How to Keep Your Brand Safe

From Procter & Gamble CMO Marc Pritchard’s takedown of the “crappy (digital) media supply chain,” to the string of adver­tiser boycotts of Google and YouTube, brand safety and ad fraud were among the hottest marketing topics of 2017. Just a few months ago, BuzzFeed uncovered a new scheme that allegedly used fraudu­lent ad traffic to steal millions of digital ad dollars from P&G, Unilever, Hershey’s and Johnson & Johnson, among others. It was yet another reminder that despite the many benefits of programmatic adver­tising, marketers can suffer serious consequences if their campaigns are mismanaged. In the fourth of our six-part thought-leadership series by Crisp, a Quotient company, we share how brands can address this complex problem.

Most mobile shopper campaigns involve programmatic ad buys – an efficient way to reach a large audience through proven tactics such as geo-targeting shoppers near a specific retailer’s store locations.

When conducting campaigns on such a large scale – involving thousands of websites and apps – however, the odds increase that your ad will appear in places you don’t want. To combat this, many marketers increase the practice of “whitelisting” pre-approved publishers and websites, or to layer their ad delivery system to filter unwanted content. Yet whitelisting isn’t perfect; it can limit audience delivery and targeting ability – missing people you do want to reach – to the detriment of campaign ROI.

“It is a question of balancing brand safety concerns with the marketer’s goals for KPIs,” says Joe Riley, Vice President of Client Services at Crisp. “Maintaining a positive brand affinity is critical, but at the end of the day, shopper marketers have to drive store traffic and gener­ate sales.”

Jim Selden, Senior Vice President of Marketing at Crisp, adds, “For ad viewability and ad fraud specifically, these factors must be monitored for reasons of understand­ing real costs and to prevent outright scamming. But if your KPI is store product sales, and you’re winning there, you can assume that a lot of people have seen your ads. Brand safety is always a concern, no matter how much revenue you generate, but if it comes at the expense of ROI, you’re back to square one.”

The Role of Technology

When considering using technology to protect your brand, consider the following:

  • Limits of third-party tools – Marketers often turn to third-party technology companies to help protect their brands. But there are limits to tools such as the widely employed JavaS­cript tags from companies like Double Verify, Moat and Integral Ad Science. Riley says measurement of ad viewability in a mobile app only works properly with apps that have downloaded the SDK (software development kit) from a measurement vendor. “Since many apps do not do this, the results will be inaccurate, and unless you are aware of this, you will get a false reading on your campaigns,” he says. “Viewability measurement in mobile web environments, on the other hand, is far more accurate.”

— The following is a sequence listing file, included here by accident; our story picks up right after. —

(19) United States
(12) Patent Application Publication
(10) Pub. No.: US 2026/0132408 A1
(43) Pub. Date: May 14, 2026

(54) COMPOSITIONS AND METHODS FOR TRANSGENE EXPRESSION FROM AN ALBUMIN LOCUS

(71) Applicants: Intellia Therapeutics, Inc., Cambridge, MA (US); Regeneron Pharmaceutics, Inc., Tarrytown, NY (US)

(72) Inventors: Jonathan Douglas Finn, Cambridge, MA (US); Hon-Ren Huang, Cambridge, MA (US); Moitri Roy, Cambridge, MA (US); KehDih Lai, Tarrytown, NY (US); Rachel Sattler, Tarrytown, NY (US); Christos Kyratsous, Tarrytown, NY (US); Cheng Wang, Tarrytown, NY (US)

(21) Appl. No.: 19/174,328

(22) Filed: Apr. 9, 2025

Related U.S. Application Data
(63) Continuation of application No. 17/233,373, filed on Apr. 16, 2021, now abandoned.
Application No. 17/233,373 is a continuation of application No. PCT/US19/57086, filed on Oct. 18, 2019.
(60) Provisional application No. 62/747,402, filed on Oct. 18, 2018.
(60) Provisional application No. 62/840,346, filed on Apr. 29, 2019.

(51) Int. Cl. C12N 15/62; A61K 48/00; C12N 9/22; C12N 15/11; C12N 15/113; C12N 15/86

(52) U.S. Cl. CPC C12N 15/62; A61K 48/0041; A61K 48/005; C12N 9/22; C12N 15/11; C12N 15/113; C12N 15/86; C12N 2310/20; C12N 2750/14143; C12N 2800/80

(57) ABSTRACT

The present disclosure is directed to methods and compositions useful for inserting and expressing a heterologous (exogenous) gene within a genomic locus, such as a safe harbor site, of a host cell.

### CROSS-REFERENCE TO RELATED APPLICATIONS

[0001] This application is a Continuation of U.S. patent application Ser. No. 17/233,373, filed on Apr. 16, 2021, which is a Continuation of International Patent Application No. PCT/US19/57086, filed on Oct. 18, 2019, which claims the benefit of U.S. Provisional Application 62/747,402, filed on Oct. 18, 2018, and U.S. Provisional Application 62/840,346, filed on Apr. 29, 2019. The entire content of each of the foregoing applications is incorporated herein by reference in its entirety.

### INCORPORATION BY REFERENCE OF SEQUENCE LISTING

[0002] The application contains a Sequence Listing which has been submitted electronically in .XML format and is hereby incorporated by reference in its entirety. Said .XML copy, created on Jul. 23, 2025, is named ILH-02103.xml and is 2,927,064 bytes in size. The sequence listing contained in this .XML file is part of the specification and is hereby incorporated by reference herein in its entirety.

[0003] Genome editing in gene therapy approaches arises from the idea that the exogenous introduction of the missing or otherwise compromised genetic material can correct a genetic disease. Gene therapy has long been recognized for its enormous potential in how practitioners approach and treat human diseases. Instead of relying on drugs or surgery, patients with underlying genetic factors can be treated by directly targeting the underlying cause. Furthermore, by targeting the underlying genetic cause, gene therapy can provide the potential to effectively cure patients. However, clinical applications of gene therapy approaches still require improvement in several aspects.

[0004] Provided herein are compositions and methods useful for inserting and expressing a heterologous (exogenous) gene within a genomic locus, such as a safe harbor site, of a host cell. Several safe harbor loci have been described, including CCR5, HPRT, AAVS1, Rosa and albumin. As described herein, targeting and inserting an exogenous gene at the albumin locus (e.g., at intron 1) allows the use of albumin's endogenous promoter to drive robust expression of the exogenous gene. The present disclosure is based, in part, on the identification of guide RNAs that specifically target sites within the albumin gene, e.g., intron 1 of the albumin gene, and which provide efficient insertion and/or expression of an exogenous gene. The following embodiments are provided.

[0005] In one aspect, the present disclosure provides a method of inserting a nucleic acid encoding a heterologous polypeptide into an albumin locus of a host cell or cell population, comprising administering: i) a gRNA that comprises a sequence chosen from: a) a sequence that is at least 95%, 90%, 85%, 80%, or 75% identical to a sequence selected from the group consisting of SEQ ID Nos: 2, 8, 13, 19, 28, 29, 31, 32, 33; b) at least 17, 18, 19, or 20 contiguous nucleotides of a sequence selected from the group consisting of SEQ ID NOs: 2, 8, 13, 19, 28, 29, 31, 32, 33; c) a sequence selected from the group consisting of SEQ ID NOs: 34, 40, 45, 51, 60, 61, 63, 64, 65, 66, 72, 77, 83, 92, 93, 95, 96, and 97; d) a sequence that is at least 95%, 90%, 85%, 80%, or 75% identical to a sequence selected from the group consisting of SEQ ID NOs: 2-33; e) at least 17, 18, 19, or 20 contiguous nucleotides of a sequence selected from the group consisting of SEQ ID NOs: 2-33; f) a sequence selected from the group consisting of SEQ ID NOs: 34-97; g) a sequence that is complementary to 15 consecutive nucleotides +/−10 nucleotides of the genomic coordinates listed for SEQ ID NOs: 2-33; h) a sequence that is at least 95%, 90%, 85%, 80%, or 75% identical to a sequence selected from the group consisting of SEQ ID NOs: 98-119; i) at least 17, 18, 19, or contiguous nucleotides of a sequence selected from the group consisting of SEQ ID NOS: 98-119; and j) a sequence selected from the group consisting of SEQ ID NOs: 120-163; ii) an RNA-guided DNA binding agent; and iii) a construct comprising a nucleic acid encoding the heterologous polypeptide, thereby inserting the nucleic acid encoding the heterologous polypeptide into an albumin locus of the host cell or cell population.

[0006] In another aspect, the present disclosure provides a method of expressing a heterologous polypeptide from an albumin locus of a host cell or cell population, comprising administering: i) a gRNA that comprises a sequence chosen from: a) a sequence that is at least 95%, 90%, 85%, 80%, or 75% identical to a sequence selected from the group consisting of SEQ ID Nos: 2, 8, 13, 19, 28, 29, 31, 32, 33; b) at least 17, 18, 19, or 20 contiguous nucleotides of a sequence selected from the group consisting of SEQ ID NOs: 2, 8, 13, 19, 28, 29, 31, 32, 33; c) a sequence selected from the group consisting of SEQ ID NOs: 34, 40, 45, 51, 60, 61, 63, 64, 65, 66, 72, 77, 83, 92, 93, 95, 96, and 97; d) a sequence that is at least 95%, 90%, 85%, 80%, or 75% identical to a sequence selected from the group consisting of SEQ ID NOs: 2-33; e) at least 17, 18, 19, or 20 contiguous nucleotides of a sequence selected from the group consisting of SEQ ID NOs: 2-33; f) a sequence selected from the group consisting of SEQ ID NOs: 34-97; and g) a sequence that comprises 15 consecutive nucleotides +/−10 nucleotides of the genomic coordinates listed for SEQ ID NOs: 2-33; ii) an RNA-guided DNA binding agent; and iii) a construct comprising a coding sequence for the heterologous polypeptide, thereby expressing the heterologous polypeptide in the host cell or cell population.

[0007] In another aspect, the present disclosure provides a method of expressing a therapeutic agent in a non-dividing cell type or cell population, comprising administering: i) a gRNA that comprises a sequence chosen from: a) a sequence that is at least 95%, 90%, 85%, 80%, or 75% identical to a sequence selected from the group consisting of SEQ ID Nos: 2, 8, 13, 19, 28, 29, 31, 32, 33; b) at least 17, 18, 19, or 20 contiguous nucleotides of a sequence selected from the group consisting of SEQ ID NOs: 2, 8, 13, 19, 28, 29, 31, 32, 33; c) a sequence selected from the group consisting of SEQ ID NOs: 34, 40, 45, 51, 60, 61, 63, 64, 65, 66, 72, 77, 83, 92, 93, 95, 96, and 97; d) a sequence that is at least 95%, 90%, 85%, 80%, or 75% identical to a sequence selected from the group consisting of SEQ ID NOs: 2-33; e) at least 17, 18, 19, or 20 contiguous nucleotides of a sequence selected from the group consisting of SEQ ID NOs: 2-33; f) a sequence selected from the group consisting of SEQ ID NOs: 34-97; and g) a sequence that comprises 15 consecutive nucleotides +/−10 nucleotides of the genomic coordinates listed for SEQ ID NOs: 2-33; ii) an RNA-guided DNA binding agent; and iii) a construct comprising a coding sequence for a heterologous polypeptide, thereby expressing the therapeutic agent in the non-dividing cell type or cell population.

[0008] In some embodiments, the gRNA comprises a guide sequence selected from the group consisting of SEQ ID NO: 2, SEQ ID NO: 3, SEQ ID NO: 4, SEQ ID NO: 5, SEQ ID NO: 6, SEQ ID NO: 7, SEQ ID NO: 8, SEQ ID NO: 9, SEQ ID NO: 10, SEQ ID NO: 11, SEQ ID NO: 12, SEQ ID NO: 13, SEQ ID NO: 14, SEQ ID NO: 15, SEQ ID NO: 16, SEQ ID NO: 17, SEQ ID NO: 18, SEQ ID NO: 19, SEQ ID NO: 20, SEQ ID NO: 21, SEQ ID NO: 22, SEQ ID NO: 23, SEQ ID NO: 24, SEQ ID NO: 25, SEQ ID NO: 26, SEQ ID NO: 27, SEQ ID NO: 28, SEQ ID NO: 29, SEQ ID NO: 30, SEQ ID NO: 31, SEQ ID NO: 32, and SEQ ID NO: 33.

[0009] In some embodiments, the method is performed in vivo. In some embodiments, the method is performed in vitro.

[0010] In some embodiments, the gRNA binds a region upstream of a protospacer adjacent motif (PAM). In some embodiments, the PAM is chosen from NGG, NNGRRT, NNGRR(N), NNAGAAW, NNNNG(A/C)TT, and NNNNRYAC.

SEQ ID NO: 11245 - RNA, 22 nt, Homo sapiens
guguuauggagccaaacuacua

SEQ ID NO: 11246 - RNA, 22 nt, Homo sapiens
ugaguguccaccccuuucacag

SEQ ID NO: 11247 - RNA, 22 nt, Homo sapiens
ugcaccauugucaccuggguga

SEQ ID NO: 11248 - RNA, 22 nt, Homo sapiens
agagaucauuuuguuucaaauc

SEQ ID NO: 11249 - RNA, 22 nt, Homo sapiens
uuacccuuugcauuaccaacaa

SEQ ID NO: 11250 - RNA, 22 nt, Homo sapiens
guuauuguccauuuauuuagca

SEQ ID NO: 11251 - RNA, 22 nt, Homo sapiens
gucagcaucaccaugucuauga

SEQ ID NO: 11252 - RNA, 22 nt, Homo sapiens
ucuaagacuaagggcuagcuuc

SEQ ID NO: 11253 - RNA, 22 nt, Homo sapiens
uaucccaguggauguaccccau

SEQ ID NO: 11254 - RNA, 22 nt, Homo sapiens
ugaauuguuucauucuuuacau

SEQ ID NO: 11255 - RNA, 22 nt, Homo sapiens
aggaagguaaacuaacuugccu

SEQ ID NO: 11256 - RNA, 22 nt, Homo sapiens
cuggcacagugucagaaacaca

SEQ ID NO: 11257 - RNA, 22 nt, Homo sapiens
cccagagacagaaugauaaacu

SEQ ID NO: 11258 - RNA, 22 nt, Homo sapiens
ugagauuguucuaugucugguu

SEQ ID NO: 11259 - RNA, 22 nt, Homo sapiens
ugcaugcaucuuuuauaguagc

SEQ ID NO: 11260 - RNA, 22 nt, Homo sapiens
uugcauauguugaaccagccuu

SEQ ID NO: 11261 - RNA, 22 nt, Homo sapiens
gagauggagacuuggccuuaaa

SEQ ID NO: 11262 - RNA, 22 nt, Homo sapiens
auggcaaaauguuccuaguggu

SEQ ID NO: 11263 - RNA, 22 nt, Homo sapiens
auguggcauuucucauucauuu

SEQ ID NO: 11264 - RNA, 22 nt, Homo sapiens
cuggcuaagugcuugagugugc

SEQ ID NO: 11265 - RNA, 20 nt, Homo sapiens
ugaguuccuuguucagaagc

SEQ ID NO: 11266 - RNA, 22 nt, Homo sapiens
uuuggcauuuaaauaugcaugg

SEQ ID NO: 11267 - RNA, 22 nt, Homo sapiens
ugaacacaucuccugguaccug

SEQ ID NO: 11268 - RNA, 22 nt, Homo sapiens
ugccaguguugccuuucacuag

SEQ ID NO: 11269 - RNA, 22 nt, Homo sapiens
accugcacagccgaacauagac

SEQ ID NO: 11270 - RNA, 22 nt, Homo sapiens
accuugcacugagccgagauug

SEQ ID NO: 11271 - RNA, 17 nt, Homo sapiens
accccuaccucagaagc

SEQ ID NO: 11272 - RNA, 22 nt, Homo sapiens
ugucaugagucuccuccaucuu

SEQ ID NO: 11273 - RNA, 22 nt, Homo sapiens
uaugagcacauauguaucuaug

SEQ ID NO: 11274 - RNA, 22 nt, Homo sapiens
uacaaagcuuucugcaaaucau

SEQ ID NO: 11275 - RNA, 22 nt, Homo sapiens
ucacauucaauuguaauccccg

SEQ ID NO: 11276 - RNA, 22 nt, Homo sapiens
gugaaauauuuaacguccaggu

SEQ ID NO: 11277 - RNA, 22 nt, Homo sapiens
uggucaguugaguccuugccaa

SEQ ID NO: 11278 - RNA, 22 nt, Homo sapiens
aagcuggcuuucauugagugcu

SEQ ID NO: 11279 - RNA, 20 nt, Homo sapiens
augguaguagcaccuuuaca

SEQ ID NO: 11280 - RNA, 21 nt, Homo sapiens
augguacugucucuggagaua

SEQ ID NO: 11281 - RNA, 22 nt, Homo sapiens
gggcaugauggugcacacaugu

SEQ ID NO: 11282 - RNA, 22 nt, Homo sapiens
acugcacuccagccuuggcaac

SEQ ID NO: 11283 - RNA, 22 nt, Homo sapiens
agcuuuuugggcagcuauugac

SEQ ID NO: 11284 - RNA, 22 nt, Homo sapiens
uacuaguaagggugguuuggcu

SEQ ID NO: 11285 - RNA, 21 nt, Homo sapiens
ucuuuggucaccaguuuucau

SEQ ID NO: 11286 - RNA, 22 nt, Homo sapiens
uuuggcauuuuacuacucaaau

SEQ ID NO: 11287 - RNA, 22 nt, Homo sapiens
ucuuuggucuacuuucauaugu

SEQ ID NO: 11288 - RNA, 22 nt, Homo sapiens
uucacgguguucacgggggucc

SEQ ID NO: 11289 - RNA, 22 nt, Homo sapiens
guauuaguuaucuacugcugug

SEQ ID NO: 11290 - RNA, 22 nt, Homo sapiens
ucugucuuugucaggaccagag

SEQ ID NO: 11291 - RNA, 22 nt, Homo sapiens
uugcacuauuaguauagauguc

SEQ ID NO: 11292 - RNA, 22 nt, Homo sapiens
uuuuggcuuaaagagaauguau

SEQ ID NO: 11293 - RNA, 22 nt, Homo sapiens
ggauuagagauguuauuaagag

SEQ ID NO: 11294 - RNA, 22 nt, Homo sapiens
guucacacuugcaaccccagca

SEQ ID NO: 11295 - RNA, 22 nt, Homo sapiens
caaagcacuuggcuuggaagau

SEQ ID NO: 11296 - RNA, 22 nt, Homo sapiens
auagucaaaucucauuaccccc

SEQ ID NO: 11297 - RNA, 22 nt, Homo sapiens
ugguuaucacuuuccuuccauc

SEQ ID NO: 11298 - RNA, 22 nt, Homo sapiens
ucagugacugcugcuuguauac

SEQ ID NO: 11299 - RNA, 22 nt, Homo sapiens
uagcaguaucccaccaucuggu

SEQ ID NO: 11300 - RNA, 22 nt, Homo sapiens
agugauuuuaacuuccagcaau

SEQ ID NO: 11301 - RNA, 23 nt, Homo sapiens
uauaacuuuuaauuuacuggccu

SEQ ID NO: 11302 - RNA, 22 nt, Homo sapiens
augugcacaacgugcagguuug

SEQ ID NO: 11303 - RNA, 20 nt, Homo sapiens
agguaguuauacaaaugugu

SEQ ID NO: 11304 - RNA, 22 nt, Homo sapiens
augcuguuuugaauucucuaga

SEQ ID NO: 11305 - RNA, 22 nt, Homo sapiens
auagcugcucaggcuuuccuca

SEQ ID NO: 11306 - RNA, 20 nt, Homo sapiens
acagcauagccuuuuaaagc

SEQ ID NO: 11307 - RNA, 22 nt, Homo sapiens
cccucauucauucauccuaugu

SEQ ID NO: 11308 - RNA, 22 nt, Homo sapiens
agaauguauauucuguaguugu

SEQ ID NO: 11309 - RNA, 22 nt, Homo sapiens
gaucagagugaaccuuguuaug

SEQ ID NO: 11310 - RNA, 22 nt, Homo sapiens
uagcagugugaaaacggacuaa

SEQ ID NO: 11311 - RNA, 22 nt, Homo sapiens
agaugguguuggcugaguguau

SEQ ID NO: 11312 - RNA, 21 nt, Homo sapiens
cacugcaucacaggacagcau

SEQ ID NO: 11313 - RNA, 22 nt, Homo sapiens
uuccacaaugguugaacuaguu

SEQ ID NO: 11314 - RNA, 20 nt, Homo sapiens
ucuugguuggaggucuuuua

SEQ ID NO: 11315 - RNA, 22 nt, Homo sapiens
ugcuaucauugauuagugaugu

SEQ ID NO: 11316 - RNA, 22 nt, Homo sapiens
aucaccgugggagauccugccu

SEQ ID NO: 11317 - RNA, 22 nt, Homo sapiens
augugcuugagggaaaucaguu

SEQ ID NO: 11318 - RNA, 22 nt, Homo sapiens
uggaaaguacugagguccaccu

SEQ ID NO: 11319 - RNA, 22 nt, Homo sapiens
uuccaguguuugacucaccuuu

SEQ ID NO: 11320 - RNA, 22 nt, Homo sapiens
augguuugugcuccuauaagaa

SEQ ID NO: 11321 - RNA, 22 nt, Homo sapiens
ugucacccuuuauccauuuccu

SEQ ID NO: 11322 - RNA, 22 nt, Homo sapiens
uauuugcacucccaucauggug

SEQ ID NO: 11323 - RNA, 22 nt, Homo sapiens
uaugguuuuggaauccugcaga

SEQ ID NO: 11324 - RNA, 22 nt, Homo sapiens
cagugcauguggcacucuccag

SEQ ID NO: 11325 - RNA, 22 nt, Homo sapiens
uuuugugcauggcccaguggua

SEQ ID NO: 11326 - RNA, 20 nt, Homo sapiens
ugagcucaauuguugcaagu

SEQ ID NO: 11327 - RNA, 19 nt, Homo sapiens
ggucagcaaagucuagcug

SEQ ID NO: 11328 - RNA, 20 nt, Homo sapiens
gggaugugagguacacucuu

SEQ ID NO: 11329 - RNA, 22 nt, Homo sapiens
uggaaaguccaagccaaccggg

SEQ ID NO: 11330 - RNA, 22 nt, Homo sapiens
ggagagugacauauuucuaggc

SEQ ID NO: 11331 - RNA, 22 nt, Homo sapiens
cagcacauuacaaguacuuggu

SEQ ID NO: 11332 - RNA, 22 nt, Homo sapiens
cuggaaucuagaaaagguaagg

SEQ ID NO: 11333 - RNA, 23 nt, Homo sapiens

• Solution effectiveness depends on environment – Technical solutions are often more effective in a display ad en­vironment than a video-content environment because it is easier to do text analysis than it is to filter objectionable content in data-rich videos. “Marketers should not be tempted to think of technology as a panacea for all problems,” says Xavier Facon, Chief Technical Officer at Crisp. “Just because a solution is successful in a desktop environ­ment, that doesn’t always mean it will work for a mobile campaign.”
  • Targeting methods matter – Targeting a shopper based on his or her demographic or purchasing behavior is an effective strategy, but it doesn’t do anything to miti­gate brand risk. Contextual targeting, however, can both improve performance and help avoid objectionable content. For example, a CPG brand that advertises a food product can use recipes, cooking and coupon content as a benefi­cial context for advertising while also steering a campaign away from risky content. “It is possible to choose sites via a contextual classification and still achieve a decent amount of scale and also not run into as many brand safety problems,” notes Facon.


For all of these reasons, Crisp urges clients to adopt a balanced and diversified approach to brand safety — one that includes strategic planning, campaign optimization and human oversight of technical solutions. “Marketers should understand the methodologies that their vendors are using and focus on process and management,” says Facon, adding that Crisp handles planning, services and a pre- and post-launch quality assessment. “We have a sophis­ticated ad operation to support our expertise in developing and executing mobile campaigns.”

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And check out the rest of the series:


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